A Visual Artist's Land Yacht Beaches in Palm Springs - Lewis deSoto

A Visual Artist's Land Yacht Beaches in Palm Springs - Lewis deSoto

A Visual Artist's Land Yacht Beaches in Palm Springs - Lewis deSoto


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A Visual Artist’s Land Yacht Beaches in Palm SpringsLewis deSoto/The Palm Springs Art Museum“Conquest,” (2004), by Lewis deSoto, installed at thePalm Springs Art Museum.A recent article in the Automobiles section described the delicate art of maneuvering cars intomuseums for exhibition purposes. Lewis deSoto, a visual artist I profiled in The Times last year,experienced the process a few weeks ago when one of his automotive sculptures was hoisted bycrane to the mezzanine of a museum in Palm Springs, Calif.Although Mr. deSoto helped usher his motorized, multiton pieces into a number of galleries in thepast, he found the levitation somewhat unnerving. The Desert Sun, a local newspaper, recordedthe airlift in a rather captivating video. Once the car was lowered onto the landing, Mr. deSotodrove it through a set of gallery doors with little more than an inch to spare.This summer, two exhibitions offer an opportunity to experience Mr. deSoto’s work up close.“Ransom: An Art Installation by Lewis deSoto” is on view from now to Dec. 31 at the PalmSprings Art Museum. Through Sept. 18, the exhibition will feature “Conquest,” a 1965 ChryslerNew Yorker discreetly transformed into a fictitious prototype whose styling, badges and interiorappointments reference the New World exploits of Hernando de Soto, the Spanish conquistador.Admission is free on Sept. 11, when Mr. deSoto is scheduled to attend a reception from 5 p.m. to 7p.m.Another sculpture by Mr. deSoto will be on view from Aug. 5 to Oct. 8 at the Napa ValleyMuseum in Yountville, Calif. The exhibition, titled “Discrepancy,” will feature the work of NancyWillis, the show’s curator, and 20 invited California artists, as well as a selection of artworkscreated by current and former residents of the Pathway Home, a residential recovery program forveterans of Iraq and Afghanistan and other fronts in the war on terror.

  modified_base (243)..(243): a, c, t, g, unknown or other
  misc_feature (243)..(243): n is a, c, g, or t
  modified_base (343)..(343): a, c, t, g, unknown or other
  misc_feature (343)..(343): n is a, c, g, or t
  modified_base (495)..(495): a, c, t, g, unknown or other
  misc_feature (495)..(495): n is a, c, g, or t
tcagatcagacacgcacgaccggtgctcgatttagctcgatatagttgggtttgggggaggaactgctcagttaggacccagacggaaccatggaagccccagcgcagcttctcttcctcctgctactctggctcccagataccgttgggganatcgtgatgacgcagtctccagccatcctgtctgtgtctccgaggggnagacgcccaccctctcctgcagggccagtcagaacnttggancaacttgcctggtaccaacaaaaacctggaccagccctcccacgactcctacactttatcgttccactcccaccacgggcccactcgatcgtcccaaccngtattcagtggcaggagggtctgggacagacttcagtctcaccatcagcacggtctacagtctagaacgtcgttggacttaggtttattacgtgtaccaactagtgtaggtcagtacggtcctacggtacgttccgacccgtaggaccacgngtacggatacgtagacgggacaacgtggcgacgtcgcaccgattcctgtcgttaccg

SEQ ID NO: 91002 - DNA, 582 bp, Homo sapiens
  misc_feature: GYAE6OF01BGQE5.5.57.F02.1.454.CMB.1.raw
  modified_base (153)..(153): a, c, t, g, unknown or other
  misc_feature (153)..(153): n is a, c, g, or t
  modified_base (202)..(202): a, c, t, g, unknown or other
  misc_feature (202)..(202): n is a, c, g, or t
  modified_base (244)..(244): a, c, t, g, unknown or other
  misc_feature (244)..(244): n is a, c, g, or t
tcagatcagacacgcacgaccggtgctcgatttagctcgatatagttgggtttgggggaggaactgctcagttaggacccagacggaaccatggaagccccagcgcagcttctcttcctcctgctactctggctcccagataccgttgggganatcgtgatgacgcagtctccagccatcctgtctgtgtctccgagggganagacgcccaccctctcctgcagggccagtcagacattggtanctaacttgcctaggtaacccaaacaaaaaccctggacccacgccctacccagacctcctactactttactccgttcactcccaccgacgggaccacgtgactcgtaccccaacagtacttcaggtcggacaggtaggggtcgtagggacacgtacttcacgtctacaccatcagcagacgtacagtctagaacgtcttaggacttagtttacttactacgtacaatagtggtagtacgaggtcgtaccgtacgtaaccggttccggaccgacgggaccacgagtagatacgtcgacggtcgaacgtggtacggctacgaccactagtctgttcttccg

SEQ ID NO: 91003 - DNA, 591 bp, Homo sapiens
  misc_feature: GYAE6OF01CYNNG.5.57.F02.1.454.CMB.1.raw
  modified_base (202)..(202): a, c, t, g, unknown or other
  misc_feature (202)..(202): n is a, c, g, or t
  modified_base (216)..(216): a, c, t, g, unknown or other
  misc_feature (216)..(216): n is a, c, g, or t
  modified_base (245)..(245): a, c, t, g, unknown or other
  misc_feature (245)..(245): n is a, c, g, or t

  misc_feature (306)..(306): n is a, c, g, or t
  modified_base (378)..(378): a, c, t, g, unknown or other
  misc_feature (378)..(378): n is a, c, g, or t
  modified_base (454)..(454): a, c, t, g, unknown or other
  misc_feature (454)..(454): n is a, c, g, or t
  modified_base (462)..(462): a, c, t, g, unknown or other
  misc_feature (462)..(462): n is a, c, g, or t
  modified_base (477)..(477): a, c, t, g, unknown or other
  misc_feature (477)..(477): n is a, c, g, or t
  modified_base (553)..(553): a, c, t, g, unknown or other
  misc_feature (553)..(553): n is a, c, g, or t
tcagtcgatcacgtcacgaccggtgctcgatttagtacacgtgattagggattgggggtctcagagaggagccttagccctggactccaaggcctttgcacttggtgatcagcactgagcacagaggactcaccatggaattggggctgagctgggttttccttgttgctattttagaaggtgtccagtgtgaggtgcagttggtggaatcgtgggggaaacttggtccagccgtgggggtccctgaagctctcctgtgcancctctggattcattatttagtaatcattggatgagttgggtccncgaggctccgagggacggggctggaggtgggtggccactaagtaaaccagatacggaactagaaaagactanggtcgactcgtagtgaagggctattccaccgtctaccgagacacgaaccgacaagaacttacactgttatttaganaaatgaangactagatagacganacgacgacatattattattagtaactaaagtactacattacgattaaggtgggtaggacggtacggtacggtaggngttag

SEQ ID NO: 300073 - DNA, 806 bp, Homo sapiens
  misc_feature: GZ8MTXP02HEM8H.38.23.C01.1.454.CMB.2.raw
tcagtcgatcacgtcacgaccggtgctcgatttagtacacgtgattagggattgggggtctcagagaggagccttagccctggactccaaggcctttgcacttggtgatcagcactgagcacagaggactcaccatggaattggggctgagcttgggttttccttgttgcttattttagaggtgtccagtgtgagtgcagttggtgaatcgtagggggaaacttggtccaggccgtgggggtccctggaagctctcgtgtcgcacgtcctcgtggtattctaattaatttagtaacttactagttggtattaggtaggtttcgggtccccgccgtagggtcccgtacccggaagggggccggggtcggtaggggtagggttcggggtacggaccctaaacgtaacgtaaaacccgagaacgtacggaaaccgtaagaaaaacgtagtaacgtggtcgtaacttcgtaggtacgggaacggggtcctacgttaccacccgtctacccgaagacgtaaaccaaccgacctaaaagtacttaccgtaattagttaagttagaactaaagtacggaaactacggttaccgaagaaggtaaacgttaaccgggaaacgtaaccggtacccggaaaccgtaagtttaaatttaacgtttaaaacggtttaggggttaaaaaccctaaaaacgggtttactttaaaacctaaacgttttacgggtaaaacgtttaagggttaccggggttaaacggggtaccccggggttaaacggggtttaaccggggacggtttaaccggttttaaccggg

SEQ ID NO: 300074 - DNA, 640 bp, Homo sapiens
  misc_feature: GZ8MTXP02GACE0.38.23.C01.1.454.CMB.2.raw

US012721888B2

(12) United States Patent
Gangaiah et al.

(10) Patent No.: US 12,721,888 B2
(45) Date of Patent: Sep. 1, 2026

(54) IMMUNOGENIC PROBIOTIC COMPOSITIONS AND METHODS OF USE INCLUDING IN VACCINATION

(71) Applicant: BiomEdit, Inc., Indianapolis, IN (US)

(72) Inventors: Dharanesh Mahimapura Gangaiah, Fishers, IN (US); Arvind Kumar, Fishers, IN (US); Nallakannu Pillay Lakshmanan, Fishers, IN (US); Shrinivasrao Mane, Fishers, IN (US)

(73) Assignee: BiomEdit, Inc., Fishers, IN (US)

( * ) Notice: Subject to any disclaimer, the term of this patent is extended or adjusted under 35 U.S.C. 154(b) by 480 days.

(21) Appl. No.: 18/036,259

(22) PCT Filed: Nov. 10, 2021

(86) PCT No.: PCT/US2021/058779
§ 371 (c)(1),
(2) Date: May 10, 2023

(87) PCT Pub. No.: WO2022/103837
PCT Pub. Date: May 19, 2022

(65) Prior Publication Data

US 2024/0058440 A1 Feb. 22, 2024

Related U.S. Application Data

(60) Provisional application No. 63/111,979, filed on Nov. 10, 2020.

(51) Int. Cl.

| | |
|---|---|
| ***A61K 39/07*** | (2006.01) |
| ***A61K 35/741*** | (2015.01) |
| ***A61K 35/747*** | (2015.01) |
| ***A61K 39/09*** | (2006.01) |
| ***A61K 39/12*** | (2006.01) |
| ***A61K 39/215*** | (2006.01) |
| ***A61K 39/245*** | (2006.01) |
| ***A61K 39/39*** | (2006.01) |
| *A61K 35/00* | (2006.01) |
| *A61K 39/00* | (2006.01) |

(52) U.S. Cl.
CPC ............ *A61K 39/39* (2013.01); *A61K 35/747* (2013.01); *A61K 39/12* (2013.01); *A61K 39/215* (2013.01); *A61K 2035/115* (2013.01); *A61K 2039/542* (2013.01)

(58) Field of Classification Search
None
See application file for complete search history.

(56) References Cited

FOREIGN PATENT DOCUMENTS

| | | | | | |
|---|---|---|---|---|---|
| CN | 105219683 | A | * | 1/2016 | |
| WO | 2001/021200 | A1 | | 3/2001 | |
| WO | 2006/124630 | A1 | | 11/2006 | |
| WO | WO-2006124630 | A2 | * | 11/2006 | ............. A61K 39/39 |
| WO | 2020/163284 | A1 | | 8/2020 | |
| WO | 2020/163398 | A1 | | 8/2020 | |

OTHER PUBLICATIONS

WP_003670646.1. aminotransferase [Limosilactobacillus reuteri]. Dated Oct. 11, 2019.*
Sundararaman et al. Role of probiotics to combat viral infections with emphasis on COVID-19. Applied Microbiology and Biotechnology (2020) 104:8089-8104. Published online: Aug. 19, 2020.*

Hulking among the artworks will be Mr. deSoto’s “Imperial America,” a 1956 Chrysler Imperialwith a scale model of a ballistic missile affixed to its roof. While notably less subtle than“Conquest,” the sculpture serves to illustrate the gulf between the behemoth vehicle’s envelopingcomforts and Chrysler’s little-known role in the Cold War military-industrial complex.The opening reception for “Discrepancy” is scheduled for Aug. 5, from 5:30 p.m. to 7:30 p.m., andMr. deSoto is expected to be in attendance.

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